Women in Tech
April 9th, 2019
Virtual Reality (VR) is taking many industries by storm. From gaming companies to film makers, VR is revolutionising the way we view the world. While Virtual Reality is being incorporated into the way companies are working and creating new products, it can also change the way we live.
VR headsets may not be accessible to everyone (yet) we wanted to take a look at the potential of Virtual Reality and how it may change the way we live.
The most obvious place we see the application of Virtual Reality is at home. With businesses like Samsung and Facebook already selling headsets, this market is only going to grow. At the moment VR in the home is allowing users to ‘experience’ new things, from riding rollercoasters on a gaming app, going on safaris or even stepping back in time.
Once VR starts to develop, the headsets could allow for even more, meaning people with connected devices can actually communicate through Virtual Reality. In 2014 Facebook CEO Mark Zuckerberg wrote “imagine enjoying a courtside seat at a game, studying in a classroom of students and teachers all over the world or even consulting with a doctor face to face… This really is a new communication platform.” This style of Virtual Reality could really change the way we communicate with our family and friends.
This could be where the most interesting developments happen in VR; could it become a necessary tool in the workplace?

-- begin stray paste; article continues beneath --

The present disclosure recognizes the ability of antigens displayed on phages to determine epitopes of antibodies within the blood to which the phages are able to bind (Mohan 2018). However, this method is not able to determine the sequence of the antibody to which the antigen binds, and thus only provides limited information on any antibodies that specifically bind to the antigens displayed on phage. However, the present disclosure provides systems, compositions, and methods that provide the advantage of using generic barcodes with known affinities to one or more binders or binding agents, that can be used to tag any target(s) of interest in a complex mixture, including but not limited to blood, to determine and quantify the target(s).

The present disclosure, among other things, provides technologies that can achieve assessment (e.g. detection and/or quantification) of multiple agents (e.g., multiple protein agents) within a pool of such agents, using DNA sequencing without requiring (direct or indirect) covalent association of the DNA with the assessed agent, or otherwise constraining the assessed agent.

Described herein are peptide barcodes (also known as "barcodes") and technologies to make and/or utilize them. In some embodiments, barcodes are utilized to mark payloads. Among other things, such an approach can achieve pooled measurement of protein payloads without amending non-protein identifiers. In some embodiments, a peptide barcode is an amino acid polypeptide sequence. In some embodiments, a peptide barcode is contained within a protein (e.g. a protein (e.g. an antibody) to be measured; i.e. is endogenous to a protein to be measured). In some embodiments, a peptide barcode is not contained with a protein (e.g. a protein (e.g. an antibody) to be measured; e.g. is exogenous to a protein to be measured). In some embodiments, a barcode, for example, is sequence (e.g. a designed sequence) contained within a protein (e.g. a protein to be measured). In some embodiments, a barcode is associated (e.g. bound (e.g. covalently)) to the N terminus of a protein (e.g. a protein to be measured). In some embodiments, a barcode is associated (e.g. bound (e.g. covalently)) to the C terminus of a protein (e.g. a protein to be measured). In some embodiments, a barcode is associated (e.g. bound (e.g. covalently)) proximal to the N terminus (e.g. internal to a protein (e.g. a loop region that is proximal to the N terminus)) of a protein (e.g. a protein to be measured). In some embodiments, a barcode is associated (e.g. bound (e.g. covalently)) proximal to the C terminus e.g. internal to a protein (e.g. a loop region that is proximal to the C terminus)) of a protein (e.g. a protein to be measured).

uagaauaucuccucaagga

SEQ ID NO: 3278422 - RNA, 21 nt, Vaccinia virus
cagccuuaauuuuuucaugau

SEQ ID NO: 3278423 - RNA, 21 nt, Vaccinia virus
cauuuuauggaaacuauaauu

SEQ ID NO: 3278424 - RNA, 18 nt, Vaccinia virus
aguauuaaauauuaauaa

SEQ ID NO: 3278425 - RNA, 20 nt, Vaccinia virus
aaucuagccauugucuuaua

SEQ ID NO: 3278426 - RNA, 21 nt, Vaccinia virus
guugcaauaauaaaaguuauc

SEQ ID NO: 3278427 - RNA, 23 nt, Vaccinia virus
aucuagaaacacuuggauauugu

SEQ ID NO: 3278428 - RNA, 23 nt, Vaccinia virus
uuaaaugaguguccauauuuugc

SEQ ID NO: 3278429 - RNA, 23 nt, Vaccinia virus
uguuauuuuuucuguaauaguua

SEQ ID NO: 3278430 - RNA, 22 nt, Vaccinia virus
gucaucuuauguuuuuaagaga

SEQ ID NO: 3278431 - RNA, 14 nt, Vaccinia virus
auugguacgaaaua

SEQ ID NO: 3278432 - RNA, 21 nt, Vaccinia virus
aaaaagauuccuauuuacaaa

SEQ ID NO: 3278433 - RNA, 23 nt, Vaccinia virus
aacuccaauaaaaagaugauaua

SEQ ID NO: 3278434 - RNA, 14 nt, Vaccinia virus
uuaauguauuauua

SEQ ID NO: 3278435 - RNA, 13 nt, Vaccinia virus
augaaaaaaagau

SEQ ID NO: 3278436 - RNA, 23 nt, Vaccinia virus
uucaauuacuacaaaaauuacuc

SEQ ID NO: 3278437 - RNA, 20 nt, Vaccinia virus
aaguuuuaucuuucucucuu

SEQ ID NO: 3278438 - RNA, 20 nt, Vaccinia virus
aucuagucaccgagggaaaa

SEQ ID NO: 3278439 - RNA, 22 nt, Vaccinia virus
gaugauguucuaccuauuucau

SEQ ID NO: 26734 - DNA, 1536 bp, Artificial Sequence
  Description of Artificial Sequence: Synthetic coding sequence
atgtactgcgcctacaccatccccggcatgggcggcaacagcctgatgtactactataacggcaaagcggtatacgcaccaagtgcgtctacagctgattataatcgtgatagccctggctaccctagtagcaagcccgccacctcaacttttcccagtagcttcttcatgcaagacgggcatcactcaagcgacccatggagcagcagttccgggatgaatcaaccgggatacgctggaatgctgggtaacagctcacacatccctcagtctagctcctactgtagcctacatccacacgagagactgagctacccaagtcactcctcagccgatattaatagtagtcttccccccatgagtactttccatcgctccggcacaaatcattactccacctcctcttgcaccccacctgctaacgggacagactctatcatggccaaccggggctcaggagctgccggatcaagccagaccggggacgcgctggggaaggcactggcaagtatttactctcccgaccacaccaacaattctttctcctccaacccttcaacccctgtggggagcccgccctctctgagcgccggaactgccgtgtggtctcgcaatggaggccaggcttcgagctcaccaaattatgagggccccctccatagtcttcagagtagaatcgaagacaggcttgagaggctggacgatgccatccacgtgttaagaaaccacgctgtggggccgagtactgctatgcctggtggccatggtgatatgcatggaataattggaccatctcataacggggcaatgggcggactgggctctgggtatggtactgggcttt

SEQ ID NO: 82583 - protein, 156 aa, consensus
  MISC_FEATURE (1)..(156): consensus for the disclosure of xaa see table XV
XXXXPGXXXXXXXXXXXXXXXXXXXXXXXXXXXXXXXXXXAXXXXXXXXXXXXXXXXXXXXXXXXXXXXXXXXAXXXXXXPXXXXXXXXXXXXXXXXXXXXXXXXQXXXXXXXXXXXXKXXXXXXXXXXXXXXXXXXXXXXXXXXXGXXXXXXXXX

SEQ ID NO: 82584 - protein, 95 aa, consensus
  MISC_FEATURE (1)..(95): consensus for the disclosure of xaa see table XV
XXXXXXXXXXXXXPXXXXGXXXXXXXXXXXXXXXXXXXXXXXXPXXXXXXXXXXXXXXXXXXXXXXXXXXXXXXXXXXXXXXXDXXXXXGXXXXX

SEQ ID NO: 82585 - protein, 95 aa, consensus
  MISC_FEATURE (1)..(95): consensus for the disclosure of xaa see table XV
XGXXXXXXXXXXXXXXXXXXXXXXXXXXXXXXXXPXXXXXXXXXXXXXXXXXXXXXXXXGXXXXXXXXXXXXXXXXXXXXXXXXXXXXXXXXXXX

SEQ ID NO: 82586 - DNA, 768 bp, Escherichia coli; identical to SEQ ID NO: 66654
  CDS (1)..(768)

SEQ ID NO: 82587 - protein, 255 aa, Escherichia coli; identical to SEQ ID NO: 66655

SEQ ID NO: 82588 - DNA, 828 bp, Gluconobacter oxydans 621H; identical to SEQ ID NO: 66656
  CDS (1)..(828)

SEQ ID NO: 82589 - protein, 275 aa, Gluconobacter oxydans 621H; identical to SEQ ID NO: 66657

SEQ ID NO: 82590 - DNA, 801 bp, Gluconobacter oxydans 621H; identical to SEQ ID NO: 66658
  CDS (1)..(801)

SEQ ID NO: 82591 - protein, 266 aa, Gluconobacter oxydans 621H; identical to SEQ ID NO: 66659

We’ve previously written about how Virtual Realty can help analysts visualise data to help to tell a story to non-technical business people, but we believe it could do much more. VR could help many companies with health and safety training, it can place the employees in certain situations and train them in they ways to deal with these situations without any ‘real’ implications at the time, not only could this be a new way for people to learn but also save time, money and resources. We know a ‘shopper marketing’ company who produce all of their client demos in VR now, allowing them to see their proposed store layouts as if they were actually there.
Similar to at home, VR could also be used for communication in the workplace; it could bring a new dimension to video conferencing, placing everyone in the ‘same’ room.
The potential for Virtual Realty to change the way we live and communicate is high. While at the moment even playing games on a VR headset seems new and revolutionary, it will be interesting to see how far this technology will go and how it is going to change the world around us.
Are you excited for the future of Virtual Reality? Where do you see the biggest development?